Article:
OK. Let’s go with that method of interpretation for a moment.

It is also “in the Bible, in black and white” where Paul says:

“I would that you all spake with tongues” (1 Cor. 14:5).

Therefore, according to our interpretative methodology, this means that we Baptists should stop being so anti-Charismatic and anti-the sign gifts but rather we should welcome them into our midst. And if that is not enough for you, listen to this:

“Wherefore brethren, covet to prophesy, and forbid not to speak with tongues” ( 1 Cor. 14:39).

There it is! In the Bible! In black and white! That just seems to cement the whole thing in place.  We Baptists ought to be speaking in tongues and that’s the end of it. Or is it?

If you are a sound, traditional, conservative Baptist, you know instinctively that everything I have just said is wrong!

How do we know that? Simply because when we conclude a full and detailed investigation of the gift of tongues and the other “sign gifts”, we conclude that they were temporary for that time and that they are no longer necessary or suitable for the modern church’s needs.

Notice therefore, “it’s in the Bible; it’s there in black and white” is not good hermeneutics. Hence, we cannot use this method of interpretation on this one phrase no matter how comfortably it makes the passage fit our personal ideologies.

Therefore to summarize:

1.     If we want to discover the full meaning of any Biblical principle or doctrine, we must first be willing to lay aside all of our preconceived notions and humbly seek the Lord’s guidance through the Holy Spirit into all truth.

 2.     One rule for one sentence and a different rule for another sentence is not good hermeneutics. We either set the rules of interpretation at the beginning and follow through with those rules right to end, (no matter how much our findings agree or disagree with our personal preferences), or we fall into the trap of being deceived by Satan.

 3.     “It’s in the KJV and that’s good enough for me”, is not good scholarship.  I am a strong KJV pastor, but that sort of reaction is not only childish, but leaves the question being asked open to even more deception by Satan and the powers of darkness.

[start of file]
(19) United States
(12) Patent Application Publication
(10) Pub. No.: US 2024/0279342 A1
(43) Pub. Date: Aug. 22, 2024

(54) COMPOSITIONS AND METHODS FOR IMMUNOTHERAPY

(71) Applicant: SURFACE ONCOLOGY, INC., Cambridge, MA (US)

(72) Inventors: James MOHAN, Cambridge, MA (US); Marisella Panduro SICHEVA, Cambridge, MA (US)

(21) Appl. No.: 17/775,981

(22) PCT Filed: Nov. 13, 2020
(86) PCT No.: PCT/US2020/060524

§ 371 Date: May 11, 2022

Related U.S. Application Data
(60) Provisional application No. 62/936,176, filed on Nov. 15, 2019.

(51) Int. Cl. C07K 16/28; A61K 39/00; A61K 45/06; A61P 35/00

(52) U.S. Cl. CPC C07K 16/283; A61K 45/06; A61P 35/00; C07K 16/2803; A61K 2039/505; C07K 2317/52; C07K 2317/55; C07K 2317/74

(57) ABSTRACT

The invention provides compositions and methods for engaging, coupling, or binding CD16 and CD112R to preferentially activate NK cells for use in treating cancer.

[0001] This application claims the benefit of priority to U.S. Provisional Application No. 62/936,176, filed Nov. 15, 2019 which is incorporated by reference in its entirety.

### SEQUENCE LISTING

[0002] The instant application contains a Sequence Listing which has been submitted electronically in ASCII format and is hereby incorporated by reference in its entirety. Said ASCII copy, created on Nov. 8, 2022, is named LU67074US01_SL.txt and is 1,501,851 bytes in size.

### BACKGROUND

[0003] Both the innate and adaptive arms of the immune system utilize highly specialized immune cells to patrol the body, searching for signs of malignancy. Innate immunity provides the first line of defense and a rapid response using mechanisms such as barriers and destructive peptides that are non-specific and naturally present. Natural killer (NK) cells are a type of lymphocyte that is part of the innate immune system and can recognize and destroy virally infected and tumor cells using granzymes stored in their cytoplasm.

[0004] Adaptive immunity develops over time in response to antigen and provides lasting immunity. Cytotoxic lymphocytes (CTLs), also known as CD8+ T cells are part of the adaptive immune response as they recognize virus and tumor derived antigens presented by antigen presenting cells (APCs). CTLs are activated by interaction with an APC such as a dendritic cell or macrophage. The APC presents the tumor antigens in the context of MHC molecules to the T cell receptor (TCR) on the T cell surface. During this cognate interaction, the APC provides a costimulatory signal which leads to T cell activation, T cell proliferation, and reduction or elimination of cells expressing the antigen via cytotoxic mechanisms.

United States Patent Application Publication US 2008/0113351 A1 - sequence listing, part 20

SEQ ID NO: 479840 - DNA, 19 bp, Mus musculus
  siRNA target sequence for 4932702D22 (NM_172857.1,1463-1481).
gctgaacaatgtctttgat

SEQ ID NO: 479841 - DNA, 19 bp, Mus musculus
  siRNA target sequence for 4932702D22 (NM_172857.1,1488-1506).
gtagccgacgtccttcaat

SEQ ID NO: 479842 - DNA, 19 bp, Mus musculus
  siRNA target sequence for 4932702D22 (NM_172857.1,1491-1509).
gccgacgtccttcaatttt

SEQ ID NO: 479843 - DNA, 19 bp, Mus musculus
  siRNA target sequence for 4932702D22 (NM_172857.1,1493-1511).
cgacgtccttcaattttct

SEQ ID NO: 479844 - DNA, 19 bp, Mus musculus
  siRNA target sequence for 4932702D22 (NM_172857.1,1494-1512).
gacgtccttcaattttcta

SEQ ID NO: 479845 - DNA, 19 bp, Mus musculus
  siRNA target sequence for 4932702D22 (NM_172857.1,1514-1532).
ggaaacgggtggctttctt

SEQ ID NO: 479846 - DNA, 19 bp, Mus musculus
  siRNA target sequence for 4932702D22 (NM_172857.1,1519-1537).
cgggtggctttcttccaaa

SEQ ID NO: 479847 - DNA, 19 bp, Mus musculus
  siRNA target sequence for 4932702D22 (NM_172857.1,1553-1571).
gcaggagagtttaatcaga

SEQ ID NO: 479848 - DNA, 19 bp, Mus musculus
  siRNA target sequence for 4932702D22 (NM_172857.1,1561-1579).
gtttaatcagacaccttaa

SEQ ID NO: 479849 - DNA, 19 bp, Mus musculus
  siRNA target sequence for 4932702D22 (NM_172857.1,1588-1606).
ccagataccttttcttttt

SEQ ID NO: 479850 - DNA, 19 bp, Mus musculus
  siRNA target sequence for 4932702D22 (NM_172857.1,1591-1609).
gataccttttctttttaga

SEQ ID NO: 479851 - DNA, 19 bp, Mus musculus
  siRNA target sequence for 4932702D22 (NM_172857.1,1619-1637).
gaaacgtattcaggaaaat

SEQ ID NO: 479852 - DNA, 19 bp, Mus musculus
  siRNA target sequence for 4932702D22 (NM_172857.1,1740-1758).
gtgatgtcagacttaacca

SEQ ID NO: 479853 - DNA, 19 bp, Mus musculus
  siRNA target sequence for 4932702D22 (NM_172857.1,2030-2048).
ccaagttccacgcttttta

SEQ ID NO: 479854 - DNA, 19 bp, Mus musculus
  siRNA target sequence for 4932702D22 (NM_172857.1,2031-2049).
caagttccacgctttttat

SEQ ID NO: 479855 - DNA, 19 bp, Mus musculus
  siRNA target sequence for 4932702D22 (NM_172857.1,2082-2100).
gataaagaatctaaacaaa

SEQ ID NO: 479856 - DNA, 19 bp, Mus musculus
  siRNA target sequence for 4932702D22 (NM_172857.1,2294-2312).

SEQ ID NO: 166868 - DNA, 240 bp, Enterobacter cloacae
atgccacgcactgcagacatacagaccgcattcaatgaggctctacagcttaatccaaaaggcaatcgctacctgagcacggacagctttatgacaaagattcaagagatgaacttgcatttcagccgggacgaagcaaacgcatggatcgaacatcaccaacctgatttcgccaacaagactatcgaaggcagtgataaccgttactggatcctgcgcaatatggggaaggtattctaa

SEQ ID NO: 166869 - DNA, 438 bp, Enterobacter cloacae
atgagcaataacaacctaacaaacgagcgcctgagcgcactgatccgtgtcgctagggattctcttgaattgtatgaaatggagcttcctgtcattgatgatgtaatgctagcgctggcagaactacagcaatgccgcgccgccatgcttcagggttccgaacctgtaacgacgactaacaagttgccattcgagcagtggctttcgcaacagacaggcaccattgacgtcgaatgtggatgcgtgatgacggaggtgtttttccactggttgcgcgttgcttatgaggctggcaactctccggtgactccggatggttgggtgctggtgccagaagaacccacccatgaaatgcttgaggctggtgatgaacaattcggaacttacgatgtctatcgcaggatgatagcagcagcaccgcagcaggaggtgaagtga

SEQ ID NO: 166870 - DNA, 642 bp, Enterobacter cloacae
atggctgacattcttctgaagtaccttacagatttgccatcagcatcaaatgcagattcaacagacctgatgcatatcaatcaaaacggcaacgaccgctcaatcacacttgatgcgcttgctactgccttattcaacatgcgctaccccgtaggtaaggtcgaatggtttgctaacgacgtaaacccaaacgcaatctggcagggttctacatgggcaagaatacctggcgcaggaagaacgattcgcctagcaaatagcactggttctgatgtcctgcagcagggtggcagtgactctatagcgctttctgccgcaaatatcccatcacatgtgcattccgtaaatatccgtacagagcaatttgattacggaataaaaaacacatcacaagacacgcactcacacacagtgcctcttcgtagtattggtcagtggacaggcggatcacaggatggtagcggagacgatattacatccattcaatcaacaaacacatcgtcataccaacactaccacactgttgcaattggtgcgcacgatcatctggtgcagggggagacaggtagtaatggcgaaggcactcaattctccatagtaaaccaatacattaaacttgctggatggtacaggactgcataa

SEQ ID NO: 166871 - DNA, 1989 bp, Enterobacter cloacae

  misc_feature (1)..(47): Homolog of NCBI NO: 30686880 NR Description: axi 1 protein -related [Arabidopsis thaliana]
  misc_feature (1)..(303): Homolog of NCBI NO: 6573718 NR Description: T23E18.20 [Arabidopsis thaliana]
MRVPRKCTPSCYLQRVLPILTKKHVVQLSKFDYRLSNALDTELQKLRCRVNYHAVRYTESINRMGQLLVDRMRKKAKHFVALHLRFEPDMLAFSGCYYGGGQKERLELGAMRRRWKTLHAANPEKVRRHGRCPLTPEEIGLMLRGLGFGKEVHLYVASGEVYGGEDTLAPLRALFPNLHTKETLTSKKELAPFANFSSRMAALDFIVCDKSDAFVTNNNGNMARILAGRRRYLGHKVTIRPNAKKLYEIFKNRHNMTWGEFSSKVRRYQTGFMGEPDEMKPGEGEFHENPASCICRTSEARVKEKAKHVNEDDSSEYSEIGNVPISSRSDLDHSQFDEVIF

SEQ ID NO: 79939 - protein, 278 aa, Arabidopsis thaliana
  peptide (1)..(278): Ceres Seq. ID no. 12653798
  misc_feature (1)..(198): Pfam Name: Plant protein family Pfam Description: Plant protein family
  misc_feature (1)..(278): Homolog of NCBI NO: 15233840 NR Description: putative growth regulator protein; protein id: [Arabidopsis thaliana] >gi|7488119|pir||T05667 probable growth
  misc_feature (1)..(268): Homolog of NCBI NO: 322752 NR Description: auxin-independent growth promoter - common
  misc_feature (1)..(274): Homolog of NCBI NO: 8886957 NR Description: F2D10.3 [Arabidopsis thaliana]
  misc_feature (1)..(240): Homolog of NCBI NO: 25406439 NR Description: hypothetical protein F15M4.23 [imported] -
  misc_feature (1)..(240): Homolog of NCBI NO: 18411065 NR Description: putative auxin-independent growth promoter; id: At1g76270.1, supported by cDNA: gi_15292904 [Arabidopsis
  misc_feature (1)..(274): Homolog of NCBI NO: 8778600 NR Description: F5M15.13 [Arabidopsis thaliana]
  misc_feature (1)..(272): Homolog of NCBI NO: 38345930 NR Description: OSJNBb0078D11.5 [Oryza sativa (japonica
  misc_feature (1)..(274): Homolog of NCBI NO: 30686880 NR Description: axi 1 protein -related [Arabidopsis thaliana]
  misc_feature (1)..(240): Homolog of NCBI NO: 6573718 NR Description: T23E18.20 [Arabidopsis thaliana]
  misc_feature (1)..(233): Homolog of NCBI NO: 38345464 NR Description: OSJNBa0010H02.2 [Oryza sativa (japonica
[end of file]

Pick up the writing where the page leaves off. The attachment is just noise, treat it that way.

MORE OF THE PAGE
4.     We must always be careful when interpreting scripture, NOT to place our western mentality and culture on to word and phrase meanings.  Paul writes to us in 2 Timothy:

 2 Tim.3:3
Without natural affection, trucebreakers, false accusers, incontinent, fierce, despisers of those that are good….

 Some years ago, in a church of which I was pastor, I had a gentleman as a member who firmly was convinced that this meant that at the end times, bowel cancer would be rampant because Paul says men will be “incontinent”.

Now we may well smile at this, but his unwillingness to accept better scholarship is no more unacceptable and childish than is the resistance given by many when it comes to the qualifications for church leadership.

 5.     The whole passage must be treated with the same rules and regulations without undue harshness being placed on just one.

 In verse one we need to recognize that word “must”, which again in the Greek is a specific word almost of command.

 This means that all the qualifications for leadership hold the same force equally, and if “X” amount of force is going to be applied to one of the requirements, then “X” amount of force must be applied to all the requirements.

We all must be honest and agree that in too many churches, constitutions and bye laws, the “husband of one wife” is emphasized to a harsher standard than everything else. I have known pastors and deacons who were clearly qualified when it came to the “husband” test, but sadly the bratiness of their children left a lot of questions to be answered. I know pastors who move from churches every 2 to 3 years, simply for a bigger salary and more prestigious congregation, but no-one ever questions their “greed” qualification.

 Show me any pastor or deacon in America and allow me to use the same stringent rules on his reputation from the past as is regularly used on the “husband” phrase and I guarantee that not one will be left standing.

One of the most difficult tasks for any Christian, is to approach the Scriptures with a humbleness of mind and heart and be willing to change if that is what is needed or, to be prepared to stand even stronger if right is proven to be right.

So then, what is the solution to our problem? Are we to lower the standards and be less strict about who can be a pastor or deacon?

The answer of course is a resounding “NO”!